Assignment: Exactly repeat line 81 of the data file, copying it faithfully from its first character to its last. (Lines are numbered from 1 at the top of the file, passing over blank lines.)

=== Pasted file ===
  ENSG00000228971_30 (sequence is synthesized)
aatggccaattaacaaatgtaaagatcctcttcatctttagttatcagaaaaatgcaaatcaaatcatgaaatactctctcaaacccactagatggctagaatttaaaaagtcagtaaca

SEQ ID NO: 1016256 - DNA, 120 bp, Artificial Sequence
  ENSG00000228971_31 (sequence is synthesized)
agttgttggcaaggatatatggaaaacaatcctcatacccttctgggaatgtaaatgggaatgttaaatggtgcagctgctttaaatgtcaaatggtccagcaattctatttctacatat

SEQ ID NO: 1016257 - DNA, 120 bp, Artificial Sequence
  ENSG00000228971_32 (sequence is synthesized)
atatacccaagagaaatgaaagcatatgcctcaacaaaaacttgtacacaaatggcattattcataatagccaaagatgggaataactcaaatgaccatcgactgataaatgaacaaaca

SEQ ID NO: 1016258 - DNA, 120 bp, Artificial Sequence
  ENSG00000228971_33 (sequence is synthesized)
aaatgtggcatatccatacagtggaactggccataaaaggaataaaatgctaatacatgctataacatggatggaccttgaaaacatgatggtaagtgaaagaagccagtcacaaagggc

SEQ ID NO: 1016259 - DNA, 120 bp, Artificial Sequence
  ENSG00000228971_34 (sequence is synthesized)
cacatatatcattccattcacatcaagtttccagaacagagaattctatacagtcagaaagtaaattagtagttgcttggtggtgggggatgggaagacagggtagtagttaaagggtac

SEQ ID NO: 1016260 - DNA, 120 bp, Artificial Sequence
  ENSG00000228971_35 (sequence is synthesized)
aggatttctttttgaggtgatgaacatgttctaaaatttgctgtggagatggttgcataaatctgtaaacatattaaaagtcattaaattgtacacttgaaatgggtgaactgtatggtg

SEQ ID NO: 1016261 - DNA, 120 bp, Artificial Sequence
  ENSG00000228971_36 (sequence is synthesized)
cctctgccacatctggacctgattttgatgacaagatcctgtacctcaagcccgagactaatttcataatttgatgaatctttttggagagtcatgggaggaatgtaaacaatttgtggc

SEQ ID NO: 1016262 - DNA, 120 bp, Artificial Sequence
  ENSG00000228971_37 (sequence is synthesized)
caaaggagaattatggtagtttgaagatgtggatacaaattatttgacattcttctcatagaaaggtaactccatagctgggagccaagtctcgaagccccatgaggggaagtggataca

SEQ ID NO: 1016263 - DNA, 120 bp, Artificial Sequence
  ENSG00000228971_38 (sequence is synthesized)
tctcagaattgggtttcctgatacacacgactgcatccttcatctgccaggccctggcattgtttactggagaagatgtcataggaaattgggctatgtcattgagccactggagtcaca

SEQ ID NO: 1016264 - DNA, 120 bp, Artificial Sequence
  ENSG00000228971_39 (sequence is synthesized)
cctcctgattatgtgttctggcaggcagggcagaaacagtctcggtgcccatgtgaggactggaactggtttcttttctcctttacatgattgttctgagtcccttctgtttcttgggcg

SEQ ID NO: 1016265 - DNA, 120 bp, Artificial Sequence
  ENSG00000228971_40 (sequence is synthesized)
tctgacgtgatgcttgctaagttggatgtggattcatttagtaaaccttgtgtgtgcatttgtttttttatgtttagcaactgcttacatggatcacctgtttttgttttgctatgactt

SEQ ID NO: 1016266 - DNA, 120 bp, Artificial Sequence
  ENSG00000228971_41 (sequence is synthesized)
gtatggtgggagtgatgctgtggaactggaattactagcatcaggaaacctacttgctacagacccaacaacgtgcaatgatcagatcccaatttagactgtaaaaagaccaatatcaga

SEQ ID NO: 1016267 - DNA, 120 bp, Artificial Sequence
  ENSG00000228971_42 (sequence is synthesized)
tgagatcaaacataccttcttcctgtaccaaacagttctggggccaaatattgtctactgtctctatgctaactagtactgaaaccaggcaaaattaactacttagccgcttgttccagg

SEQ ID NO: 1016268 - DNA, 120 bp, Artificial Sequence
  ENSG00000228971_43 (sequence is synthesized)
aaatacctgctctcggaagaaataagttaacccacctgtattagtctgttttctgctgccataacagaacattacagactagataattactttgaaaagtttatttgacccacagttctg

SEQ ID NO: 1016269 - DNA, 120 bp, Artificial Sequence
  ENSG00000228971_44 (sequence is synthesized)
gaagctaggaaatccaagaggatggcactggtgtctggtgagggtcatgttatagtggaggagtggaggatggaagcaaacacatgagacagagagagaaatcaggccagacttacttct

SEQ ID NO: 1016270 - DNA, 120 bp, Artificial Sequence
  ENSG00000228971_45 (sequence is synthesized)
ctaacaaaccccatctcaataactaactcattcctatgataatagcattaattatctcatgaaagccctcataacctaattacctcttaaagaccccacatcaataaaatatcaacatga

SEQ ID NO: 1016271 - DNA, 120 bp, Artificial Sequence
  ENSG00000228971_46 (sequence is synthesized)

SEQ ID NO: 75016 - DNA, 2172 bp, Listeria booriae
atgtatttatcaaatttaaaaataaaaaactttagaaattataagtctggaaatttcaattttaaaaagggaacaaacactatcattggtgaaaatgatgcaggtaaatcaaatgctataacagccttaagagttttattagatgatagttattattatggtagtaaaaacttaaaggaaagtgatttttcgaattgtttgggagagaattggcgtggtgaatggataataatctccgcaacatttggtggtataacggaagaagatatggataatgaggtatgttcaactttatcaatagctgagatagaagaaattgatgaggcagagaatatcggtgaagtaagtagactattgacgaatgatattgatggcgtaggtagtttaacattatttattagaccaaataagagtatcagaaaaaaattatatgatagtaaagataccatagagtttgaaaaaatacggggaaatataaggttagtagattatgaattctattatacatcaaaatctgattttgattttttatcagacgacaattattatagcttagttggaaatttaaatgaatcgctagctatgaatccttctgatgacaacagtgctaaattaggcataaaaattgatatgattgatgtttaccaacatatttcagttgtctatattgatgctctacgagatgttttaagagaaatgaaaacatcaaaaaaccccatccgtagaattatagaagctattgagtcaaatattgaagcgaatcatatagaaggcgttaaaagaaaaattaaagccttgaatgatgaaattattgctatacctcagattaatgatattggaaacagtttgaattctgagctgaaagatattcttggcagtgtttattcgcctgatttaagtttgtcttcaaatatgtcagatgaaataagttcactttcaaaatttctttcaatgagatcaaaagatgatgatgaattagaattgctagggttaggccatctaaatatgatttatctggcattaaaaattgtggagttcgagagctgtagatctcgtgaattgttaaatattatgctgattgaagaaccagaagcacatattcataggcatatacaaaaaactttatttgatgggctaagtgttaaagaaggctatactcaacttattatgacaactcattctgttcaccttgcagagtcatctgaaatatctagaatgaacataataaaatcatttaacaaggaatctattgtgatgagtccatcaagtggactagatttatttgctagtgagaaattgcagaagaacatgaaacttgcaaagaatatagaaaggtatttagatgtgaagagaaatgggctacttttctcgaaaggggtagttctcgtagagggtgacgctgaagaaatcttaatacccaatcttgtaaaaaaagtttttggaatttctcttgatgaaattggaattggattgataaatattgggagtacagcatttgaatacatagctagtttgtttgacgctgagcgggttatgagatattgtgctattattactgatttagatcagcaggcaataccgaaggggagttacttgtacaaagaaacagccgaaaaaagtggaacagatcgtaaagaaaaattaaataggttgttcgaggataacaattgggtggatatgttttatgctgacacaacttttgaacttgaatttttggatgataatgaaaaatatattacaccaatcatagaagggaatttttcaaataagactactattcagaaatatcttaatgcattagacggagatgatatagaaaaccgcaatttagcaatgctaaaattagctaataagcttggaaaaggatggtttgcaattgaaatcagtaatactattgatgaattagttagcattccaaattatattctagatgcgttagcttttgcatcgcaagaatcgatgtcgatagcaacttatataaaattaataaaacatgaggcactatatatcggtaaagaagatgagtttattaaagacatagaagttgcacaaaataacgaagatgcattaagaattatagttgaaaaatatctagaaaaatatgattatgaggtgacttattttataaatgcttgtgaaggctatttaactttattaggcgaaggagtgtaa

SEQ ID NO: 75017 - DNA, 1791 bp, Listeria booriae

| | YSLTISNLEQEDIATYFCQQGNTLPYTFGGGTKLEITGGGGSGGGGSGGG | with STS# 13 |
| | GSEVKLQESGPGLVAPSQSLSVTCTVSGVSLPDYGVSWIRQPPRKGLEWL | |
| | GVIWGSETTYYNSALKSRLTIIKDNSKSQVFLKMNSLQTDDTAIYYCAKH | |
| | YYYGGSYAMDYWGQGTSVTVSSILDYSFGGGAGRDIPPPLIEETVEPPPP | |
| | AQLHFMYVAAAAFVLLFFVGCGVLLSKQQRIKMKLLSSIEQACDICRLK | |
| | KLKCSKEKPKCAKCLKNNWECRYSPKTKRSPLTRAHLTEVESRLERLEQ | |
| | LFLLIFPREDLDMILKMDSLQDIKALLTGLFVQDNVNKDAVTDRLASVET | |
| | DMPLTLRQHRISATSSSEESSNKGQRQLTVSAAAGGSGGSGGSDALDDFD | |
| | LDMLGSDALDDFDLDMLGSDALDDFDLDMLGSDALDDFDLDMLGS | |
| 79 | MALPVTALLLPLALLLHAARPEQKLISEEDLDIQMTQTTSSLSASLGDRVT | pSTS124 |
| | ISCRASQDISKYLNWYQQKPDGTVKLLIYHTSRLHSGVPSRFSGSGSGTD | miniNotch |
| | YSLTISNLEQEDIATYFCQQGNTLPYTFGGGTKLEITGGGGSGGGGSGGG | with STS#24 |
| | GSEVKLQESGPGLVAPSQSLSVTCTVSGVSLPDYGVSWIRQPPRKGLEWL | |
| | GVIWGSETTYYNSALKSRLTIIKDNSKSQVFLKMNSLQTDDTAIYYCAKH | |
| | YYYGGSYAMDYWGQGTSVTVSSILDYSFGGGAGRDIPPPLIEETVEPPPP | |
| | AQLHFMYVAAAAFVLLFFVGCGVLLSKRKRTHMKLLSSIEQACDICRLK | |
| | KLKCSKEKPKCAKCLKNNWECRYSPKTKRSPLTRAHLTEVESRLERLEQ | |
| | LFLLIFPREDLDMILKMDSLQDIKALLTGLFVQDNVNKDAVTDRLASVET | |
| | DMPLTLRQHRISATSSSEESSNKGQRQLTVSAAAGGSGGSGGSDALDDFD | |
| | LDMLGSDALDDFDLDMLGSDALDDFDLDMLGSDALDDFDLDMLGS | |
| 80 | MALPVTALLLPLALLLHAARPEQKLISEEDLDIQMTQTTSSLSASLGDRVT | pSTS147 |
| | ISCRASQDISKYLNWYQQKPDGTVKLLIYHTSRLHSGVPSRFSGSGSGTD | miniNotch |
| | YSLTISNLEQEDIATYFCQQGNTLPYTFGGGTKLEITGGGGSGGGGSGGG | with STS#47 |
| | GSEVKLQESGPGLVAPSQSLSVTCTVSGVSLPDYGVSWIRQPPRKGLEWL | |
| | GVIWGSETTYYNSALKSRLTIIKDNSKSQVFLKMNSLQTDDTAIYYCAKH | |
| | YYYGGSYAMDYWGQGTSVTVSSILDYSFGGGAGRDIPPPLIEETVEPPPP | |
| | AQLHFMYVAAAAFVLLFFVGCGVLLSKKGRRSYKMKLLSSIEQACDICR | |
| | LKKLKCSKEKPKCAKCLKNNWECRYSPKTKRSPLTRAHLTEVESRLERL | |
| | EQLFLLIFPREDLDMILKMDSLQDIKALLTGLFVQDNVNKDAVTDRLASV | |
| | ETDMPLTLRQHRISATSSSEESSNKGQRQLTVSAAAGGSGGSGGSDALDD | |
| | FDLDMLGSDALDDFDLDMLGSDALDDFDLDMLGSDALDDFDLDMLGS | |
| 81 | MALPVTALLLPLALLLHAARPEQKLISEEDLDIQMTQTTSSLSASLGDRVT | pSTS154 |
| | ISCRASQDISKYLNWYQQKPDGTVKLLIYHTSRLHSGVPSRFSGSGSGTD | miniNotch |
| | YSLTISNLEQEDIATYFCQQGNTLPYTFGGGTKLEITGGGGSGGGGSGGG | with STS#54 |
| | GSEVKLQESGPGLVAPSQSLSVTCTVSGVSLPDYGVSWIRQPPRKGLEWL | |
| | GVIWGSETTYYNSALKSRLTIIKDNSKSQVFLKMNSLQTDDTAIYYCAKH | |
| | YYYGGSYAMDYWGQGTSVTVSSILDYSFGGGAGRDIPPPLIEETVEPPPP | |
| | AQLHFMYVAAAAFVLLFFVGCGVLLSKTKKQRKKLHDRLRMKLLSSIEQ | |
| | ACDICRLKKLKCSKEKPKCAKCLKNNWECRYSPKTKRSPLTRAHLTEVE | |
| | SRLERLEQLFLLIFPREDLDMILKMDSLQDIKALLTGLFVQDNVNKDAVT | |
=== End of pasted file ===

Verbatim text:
| | EQLFLLIFPREDLDMILKMDSLQDIKALLTGLFVQDNVNKDAVTDRLASV | |